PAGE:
New NASCAR Cup season features several changes
While NASCAR looks back in celebrating its 75th season, there’s plenty new for the sport heading into the 2023 campaign.
Driver moves and schedule changes and are among some of the big changes this year. Here’s a look at some of the changes this season in Cup:
— Two-time Cup champion Kyle Busch has a different look, as he moves from Joe Gibbs Racing to Richard Childress Racing, taking the ride formerly occupied by Tyler Reddick.
— Tyler Reddick goes from Richard Childress Racing to 23XI Racing, taking the ride formerly occupied by Kurt Busch, who was injured in a crash last summer and has not returned to competition.
— Ryan Preece goes from being a test driver and backup at Stewart-Haas Racing to taking over the No. 41 car formerly run by Cole Custer, who moves to the Xfinity Series.
— Seven-time Cup champion Jimmie Johnson returns to Cup after running the past two seasons in the IndyCar Series. He’s now a part owner of Legacy Motor Club and will run select races for the Cup team. Johnson will seek to make the Daytona 500, driving the No. 84 car.
— Ty Gibbs goes from Xfinity Series champion to Cup rookie for Joe Gibbs Racing.
— Noah Gragson goes from Xfinity Series title contender to Cup rookie for Legacy Motor Club (and teammate to Jimmie Johnson).
— Keith Rodden, who last was a full-time Cup crew chief in 2017 with Kasey Kahne, is back in that role for Austin Dillon at Richard Childress Racing, as Dillon seeks to make back-to-back playoff appearances. Rodden comes to RCR after working with the Motorsports Competition NASCAR strategy group at General Motors.
— Chad Johnston, who has been a crew chief for Tony Stewart, Martin Truex Jr., Kyle Larson and Matt Kenseth, will serve as crew chief for Ryan Preece at Stewart-Haas Racing.
— Blake Harris goes from being Michael McDowell’s crew chief at Front Row Motorsports to joining Hendrick Motorsports to be Alex Bowman’s crew chief.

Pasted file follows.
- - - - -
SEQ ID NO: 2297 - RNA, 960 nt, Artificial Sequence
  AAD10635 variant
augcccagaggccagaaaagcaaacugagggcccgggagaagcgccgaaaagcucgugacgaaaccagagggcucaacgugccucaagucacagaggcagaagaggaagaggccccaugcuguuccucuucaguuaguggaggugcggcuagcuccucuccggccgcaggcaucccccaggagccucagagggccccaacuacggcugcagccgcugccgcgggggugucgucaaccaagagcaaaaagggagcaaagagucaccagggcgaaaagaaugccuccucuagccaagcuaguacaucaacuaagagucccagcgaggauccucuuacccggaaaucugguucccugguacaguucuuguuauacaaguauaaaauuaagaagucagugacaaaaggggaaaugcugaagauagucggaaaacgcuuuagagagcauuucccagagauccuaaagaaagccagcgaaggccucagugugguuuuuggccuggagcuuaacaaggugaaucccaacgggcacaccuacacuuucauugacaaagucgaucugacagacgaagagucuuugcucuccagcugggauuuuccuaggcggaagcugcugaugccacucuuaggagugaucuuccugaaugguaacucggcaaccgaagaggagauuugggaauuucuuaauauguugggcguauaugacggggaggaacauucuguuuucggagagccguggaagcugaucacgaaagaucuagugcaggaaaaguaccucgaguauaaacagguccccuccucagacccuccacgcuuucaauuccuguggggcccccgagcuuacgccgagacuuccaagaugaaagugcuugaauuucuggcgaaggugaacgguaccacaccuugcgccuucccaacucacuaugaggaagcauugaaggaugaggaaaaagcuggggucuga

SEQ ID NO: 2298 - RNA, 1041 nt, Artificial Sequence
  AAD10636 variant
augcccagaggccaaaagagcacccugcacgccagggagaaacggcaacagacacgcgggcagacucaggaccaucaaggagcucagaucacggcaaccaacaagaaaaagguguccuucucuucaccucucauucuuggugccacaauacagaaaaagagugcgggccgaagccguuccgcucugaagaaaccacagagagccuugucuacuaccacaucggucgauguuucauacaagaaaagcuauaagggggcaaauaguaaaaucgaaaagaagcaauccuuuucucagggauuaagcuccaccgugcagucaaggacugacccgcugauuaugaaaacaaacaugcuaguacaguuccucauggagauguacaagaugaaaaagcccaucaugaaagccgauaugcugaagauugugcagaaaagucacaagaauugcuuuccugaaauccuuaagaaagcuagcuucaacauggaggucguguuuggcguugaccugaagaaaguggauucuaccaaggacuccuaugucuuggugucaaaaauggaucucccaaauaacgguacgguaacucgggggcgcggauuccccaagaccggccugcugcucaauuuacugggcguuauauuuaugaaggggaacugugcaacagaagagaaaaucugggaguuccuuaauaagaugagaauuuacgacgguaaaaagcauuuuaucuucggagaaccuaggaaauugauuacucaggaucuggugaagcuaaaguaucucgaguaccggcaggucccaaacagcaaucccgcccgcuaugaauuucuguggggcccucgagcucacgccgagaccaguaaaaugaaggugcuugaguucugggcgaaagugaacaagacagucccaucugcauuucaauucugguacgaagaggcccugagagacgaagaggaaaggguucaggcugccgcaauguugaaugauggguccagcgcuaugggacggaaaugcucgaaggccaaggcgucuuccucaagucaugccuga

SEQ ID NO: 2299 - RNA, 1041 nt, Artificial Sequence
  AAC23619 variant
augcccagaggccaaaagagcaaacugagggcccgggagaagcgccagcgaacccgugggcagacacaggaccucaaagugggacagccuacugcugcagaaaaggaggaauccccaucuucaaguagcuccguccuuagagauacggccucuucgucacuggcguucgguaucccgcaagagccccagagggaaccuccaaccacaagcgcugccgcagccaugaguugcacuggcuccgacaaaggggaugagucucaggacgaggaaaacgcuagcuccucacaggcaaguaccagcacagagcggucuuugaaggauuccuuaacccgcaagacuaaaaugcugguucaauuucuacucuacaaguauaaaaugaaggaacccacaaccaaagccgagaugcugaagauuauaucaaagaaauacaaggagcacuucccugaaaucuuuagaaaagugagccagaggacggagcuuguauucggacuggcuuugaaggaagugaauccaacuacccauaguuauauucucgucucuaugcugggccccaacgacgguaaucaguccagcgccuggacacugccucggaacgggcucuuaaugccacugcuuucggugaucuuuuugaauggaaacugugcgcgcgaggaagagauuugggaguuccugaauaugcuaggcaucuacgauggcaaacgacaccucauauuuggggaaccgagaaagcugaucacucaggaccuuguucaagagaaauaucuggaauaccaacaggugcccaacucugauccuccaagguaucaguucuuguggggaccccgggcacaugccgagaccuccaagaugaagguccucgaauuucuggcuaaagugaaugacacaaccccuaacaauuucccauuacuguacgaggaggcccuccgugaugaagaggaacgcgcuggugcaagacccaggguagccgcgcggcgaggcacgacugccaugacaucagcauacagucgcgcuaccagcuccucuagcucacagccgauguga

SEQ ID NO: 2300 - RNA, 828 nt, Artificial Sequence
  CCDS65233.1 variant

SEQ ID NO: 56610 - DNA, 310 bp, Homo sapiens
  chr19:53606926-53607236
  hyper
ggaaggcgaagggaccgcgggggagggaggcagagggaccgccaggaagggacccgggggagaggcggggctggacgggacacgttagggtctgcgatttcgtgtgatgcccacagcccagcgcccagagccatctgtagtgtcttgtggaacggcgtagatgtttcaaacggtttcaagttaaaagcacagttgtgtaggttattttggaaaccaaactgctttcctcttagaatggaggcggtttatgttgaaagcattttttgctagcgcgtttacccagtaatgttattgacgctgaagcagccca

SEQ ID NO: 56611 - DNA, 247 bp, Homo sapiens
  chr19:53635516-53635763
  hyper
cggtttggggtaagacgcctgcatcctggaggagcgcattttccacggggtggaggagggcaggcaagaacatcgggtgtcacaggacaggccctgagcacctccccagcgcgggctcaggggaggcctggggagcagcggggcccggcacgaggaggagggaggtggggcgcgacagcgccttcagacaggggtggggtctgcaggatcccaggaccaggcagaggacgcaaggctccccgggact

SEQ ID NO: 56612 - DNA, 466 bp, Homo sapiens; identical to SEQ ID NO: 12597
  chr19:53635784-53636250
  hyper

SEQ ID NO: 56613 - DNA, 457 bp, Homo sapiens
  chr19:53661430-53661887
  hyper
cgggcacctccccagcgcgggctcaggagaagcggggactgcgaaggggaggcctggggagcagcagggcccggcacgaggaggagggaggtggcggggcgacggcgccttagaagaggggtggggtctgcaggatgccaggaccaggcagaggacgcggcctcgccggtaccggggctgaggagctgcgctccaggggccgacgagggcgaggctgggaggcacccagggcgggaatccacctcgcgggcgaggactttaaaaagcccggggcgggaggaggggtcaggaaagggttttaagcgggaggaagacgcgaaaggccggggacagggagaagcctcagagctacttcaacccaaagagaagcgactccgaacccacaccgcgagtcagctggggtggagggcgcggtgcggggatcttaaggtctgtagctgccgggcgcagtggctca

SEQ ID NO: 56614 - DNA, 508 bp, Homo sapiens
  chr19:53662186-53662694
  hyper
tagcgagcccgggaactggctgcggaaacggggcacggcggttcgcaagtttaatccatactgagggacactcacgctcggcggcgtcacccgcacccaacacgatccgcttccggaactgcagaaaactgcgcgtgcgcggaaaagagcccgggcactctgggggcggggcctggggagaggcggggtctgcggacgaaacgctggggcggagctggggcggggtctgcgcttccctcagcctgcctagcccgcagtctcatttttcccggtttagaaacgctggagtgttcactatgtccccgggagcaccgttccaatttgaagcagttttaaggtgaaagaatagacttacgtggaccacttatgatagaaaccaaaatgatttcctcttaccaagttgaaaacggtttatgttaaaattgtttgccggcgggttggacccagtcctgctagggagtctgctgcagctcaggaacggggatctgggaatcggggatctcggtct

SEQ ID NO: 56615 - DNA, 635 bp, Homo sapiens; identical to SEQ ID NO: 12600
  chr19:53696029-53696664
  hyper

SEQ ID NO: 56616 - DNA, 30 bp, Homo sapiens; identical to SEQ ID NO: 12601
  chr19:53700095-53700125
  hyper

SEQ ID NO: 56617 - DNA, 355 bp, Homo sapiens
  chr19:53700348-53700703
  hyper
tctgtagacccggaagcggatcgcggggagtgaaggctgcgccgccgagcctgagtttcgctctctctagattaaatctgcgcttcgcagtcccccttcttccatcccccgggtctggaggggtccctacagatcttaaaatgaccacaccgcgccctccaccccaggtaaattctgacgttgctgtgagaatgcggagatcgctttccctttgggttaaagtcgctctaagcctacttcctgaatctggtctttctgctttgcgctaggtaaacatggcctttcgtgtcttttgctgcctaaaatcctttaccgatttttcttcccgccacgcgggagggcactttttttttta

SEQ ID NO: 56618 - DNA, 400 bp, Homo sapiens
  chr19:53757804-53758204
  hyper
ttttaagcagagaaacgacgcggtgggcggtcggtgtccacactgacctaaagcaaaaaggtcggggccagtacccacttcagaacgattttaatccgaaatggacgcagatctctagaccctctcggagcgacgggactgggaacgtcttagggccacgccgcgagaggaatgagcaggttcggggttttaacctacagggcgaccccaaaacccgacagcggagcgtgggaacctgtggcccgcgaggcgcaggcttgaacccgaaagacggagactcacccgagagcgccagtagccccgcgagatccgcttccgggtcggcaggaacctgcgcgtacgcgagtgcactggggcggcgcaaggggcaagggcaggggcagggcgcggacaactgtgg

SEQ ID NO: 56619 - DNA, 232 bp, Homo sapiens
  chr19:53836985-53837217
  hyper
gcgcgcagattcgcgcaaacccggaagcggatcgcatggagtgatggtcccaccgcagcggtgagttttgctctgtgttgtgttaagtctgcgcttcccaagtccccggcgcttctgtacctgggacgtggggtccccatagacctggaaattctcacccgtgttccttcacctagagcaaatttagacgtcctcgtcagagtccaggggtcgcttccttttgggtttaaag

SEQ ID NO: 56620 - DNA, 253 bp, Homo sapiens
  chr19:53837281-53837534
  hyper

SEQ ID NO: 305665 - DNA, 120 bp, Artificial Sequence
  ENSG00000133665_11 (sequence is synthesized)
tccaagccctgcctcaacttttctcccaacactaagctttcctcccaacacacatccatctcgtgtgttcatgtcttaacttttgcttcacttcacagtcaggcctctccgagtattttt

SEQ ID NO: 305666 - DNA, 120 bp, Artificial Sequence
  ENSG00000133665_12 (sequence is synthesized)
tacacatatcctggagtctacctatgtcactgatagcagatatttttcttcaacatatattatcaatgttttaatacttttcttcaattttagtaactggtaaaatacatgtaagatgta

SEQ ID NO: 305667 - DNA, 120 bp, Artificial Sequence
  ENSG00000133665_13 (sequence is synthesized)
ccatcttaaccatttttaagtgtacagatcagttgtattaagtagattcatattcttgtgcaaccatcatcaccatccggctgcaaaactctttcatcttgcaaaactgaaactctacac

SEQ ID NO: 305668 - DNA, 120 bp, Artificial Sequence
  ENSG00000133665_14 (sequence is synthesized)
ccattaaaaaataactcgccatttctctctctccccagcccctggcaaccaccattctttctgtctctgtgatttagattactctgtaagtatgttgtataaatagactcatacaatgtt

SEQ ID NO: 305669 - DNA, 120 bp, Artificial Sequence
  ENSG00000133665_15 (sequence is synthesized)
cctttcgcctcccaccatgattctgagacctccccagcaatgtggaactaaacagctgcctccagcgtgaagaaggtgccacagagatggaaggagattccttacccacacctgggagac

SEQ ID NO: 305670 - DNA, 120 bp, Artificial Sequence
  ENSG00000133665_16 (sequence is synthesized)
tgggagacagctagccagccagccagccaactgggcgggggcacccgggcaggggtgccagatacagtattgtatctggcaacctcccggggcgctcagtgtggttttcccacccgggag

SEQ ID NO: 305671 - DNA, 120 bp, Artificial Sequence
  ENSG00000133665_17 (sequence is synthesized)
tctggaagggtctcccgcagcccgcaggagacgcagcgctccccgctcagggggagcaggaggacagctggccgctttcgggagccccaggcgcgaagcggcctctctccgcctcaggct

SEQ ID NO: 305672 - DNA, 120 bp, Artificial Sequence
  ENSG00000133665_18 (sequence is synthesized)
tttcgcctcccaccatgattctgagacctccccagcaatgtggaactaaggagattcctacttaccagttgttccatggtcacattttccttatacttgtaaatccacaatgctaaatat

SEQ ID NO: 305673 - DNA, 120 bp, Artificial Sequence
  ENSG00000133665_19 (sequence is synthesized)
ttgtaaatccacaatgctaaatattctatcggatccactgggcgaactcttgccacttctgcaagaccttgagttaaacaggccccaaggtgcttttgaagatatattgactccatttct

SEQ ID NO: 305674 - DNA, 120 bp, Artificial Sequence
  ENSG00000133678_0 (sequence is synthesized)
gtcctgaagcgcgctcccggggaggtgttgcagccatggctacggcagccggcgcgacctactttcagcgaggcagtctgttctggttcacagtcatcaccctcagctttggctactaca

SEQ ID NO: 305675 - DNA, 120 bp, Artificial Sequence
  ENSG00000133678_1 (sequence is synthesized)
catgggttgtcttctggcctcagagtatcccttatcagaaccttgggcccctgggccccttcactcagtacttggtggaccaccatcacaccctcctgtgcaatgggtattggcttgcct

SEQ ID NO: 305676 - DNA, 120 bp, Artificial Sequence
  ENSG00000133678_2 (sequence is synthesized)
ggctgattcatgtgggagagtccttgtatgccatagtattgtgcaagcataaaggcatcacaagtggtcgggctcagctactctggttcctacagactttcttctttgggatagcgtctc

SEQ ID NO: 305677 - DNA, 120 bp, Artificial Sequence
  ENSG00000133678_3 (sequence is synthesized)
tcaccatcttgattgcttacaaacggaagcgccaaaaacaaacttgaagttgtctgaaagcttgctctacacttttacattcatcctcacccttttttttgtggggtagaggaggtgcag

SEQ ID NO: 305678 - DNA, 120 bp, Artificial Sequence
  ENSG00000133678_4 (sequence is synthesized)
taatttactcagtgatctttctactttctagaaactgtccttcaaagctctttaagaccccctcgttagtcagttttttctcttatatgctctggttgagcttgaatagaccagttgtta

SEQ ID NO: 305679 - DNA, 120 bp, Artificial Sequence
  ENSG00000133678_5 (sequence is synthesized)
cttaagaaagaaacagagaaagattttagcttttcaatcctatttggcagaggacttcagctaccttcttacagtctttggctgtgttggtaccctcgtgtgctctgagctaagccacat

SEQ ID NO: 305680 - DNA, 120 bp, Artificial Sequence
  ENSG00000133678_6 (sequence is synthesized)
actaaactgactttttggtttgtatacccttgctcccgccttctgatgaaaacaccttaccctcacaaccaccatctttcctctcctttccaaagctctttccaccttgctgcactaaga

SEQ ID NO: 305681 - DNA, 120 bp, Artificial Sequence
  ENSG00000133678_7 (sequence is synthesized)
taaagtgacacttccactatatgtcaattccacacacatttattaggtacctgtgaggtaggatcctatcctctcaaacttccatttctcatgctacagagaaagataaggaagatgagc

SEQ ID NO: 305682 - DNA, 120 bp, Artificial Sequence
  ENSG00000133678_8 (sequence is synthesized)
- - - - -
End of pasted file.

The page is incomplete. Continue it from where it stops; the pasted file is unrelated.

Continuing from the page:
— Mike Kelley, who served as Ricky Stenhouse Jr.’s crew chief when Stenhouse won Xfinity titles in 2011 and ’12, returns to the crew chief role with Stenhouse this season at JTG Daugherty Racing.
— What’s old is new. The All-Star Race moves to North Wilkesboro Speedway in May, marking the first Cup event at that historic track since 1996.
— July 2 marks debut of the street course race in Chicago, marking NASCAR’s first street race for its premier series.
— The spring Atlanta race and playoff Texas race have both been reduced from 500 miles to 400 miles.
— Ross Chastain’s video-game move on the last lap at Martinsville will no longer be allowed, NASCAR announced this week.
— Stage breaks are gone at the road course events for Cup races. Stage points will be awarded but there will be no caution for the end of the stage.
— If a wheel comes off a car while on track, it is only a two-race suspension (last year it was four races) for two crew members. The crew chief is no longer suspended for the violation.
— Cup cars have a new rear section that is intended to absorb more energy in a crash to prevent driver injuries after Kurt Busch and Alex Bowman each missed races last year because of concussion-related symptoms.
— Elton Sawyer is the new vice president of competition for NASCAR. Think of the former driver as the new sheriff in town for the sport.
— With a win this season, Kyle Busch will have at least one Cup victory in 19 consecutive seasons and become the all-time series leader in that category, breaking a tie with Richard Petty.
— Denny Hamlin needs two wins to reach 50 career Cup victories. That would tie him with Hall of Famers Ned Jarrett and Junior Johnson for 13th on the all-time list.
— Kevin Harvick, running his final Cup season, is 10 starts away from 800 career series starts. That would make him only the 10th driver in Cup history to reach that mark.